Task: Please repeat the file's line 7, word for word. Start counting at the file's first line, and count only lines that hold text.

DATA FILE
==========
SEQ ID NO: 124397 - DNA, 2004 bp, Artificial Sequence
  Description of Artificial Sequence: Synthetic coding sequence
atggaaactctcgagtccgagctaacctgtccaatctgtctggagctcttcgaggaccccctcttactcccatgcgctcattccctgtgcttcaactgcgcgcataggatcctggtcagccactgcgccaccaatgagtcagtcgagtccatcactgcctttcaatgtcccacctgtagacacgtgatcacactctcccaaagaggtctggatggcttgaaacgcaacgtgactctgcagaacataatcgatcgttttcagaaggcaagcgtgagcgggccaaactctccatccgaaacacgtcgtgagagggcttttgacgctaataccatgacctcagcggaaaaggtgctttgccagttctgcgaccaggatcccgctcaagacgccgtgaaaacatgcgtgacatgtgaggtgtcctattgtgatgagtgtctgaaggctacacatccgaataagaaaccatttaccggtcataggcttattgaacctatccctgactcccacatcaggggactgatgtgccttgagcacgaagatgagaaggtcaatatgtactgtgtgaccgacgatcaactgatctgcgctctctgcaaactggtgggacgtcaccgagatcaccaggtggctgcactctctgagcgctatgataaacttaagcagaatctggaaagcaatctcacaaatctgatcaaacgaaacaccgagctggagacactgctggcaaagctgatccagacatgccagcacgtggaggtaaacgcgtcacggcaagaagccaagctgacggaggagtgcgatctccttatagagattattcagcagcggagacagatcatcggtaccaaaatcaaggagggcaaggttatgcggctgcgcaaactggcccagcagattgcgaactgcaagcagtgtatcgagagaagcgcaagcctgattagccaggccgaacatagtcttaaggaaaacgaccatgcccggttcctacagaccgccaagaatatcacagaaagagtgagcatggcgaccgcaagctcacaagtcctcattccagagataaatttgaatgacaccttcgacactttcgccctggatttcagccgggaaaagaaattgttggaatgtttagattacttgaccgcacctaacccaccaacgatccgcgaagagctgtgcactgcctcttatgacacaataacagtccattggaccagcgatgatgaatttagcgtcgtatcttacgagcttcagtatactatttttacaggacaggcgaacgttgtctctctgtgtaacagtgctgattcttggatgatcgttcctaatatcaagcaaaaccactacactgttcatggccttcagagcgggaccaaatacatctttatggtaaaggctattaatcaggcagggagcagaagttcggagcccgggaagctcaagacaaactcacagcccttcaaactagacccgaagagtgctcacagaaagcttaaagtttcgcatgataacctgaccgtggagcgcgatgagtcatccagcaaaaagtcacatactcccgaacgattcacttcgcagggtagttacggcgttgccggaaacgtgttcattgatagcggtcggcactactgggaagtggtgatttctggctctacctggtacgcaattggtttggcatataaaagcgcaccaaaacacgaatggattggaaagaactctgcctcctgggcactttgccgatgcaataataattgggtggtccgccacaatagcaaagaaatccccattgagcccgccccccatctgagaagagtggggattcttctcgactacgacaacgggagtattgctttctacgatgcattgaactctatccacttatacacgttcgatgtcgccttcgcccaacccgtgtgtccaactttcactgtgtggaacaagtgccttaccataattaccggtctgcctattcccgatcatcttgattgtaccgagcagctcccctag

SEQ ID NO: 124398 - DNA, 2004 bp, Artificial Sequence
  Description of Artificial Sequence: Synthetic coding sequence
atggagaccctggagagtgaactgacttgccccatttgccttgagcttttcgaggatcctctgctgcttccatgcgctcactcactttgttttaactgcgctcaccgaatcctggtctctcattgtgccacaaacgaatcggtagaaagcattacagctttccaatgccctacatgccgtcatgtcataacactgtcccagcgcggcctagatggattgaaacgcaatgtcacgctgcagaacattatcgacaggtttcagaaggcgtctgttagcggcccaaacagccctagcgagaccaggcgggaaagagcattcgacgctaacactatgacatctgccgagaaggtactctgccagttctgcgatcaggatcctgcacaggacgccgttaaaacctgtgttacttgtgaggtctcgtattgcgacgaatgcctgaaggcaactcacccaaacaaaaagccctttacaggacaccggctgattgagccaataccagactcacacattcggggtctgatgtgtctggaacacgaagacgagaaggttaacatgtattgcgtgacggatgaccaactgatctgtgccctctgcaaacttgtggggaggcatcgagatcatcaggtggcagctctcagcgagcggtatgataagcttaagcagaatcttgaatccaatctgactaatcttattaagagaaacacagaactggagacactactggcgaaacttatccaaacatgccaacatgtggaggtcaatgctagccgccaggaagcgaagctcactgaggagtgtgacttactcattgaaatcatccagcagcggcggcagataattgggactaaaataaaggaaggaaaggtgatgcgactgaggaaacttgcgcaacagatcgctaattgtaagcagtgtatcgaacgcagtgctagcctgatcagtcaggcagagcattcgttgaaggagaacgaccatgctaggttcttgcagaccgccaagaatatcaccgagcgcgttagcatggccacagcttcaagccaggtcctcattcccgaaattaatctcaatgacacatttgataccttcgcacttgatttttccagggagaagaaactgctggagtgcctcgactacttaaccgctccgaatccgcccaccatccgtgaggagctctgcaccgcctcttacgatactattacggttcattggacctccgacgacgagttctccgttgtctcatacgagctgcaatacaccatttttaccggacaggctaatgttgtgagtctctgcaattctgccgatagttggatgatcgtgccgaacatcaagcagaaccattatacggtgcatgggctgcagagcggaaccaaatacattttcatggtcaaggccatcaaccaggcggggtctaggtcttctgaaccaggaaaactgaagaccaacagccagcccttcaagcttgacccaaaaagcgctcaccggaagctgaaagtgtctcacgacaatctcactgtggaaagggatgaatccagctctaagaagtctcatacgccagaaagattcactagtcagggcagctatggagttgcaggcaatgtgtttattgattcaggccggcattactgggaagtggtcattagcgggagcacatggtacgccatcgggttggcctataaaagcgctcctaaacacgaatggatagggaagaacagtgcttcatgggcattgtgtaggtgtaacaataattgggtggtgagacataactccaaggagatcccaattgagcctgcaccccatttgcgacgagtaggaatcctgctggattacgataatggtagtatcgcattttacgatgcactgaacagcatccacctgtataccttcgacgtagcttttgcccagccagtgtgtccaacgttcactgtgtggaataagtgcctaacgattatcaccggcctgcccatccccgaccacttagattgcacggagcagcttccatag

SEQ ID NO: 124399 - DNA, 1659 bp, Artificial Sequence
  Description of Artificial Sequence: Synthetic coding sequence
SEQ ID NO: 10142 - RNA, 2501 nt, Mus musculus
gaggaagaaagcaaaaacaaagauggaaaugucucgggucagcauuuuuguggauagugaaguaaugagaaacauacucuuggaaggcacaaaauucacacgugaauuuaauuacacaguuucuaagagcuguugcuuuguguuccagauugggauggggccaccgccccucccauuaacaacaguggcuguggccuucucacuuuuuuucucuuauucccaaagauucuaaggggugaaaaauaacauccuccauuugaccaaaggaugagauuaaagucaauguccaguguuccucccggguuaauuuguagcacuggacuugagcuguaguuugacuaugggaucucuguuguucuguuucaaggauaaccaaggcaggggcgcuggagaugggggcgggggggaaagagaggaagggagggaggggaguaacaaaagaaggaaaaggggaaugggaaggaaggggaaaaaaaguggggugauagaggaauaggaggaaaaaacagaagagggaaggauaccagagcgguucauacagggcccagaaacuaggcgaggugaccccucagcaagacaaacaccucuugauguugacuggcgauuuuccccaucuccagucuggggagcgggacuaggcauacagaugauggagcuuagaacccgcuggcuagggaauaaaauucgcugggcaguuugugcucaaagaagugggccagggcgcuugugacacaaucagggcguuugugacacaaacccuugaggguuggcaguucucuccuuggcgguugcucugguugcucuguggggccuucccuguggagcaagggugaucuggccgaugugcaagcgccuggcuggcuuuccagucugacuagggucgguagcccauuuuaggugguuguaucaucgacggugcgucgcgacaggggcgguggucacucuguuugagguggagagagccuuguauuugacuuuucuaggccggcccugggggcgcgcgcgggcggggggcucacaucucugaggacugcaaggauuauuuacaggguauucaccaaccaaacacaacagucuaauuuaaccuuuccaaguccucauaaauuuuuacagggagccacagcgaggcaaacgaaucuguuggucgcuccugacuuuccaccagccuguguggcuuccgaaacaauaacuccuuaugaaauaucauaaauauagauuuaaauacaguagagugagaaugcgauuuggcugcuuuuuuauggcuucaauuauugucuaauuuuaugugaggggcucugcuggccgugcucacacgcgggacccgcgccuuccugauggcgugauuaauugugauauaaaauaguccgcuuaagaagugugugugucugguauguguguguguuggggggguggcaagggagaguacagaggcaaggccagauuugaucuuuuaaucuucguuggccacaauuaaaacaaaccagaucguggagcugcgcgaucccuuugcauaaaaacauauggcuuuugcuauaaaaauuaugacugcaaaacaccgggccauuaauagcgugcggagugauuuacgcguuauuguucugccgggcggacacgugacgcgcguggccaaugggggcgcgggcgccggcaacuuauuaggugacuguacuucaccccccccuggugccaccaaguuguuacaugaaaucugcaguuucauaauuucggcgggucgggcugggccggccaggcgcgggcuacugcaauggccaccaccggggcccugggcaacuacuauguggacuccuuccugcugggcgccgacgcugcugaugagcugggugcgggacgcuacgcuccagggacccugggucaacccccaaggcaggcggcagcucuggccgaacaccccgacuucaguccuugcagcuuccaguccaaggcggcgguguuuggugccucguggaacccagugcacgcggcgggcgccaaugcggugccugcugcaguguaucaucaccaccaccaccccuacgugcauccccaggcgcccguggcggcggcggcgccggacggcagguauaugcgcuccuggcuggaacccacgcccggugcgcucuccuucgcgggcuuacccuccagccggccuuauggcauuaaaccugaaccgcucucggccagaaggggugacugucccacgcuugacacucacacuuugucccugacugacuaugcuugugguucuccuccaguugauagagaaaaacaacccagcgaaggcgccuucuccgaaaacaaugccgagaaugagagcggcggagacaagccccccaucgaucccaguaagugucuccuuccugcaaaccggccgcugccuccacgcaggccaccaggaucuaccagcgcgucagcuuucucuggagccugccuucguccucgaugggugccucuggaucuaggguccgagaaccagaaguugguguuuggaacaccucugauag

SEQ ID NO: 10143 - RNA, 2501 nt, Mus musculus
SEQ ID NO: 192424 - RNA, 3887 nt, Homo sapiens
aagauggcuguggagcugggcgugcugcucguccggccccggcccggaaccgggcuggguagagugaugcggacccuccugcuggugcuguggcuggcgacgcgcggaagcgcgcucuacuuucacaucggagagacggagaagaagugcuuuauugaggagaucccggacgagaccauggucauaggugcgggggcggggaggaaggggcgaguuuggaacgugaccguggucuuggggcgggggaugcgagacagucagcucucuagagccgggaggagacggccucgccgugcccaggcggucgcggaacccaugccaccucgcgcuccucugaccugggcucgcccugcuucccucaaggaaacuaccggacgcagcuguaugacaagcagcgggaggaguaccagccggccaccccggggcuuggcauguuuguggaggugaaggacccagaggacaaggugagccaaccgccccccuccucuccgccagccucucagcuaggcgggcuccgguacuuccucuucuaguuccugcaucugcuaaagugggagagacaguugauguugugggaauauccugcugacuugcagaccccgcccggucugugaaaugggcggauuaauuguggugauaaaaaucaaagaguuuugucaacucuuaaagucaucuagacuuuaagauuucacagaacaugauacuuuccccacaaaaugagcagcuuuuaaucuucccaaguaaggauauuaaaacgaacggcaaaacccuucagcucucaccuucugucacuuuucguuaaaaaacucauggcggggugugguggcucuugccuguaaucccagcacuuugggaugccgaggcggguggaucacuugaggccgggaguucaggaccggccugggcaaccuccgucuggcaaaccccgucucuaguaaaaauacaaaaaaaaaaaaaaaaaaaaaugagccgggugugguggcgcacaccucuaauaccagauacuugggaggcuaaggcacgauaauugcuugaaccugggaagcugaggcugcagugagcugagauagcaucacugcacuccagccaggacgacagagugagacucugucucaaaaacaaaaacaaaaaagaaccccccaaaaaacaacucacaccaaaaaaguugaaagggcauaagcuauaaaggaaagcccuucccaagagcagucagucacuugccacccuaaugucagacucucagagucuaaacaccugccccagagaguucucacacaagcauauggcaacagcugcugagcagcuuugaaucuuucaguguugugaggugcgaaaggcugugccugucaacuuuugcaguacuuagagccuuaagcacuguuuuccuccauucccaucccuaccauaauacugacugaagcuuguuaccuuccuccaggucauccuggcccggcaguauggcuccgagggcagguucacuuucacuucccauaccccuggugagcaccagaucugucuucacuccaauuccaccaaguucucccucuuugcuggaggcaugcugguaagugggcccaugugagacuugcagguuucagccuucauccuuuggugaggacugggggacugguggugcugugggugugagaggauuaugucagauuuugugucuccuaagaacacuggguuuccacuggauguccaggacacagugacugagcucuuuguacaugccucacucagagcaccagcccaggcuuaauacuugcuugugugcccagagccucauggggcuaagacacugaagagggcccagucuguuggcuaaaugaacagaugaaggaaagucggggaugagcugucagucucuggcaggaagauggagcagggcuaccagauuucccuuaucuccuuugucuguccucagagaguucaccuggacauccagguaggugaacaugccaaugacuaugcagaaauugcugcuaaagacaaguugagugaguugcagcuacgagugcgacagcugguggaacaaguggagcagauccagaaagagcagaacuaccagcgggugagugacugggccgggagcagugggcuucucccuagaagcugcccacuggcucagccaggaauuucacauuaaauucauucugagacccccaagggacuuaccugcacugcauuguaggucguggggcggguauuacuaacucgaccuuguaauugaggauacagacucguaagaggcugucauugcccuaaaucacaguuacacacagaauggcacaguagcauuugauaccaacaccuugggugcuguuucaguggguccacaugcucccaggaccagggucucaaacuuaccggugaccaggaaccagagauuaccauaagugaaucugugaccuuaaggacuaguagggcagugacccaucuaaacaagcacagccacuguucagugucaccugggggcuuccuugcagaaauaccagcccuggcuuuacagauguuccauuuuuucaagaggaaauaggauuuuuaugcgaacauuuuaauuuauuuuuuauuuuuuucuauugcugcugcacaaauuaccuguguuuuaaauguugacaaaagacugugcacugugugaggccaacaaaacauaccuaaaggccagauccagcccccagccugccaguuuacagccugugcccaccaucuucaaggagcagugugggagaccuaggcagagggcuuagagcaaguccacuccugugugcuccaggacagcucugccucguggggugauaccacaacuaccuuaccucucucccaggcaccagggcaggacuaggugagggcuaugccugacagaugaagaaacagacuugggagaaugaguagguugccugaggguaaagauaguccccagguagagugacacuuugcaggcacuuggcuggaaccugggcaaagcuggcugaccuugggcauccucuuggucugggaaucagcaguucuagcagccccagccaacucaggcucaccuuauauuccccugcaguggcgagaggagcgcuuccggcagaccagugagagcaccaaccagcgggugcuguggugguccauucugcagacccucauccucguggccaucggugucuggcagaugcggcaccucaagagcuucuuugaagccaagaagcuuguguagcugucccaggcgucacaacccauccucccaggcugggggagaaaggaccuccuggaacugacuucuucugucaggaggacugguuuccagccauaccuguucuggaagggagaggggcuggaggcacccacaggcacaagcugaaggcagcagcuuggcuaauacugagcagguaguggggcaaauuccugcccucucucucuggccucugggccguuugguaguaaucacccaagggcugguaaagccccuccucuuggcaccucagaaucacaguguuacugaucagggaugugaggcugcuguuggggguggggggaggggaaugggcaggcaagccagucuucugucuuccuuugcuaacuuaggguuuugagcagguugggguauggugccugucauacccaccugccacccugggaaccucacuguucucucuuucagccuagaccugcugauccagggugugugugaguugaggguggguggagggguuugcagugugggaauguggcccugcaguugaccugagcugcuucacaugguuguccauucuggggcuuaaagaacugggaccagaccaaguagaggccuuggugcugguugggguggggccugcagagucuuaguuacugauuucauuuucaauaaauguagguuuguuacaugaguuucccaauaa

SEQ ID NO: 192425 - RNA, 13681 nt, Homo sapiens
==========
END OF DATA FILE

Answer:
SEQ ID NO: 124399 - DNA, 1659 bp, Artificial Sequence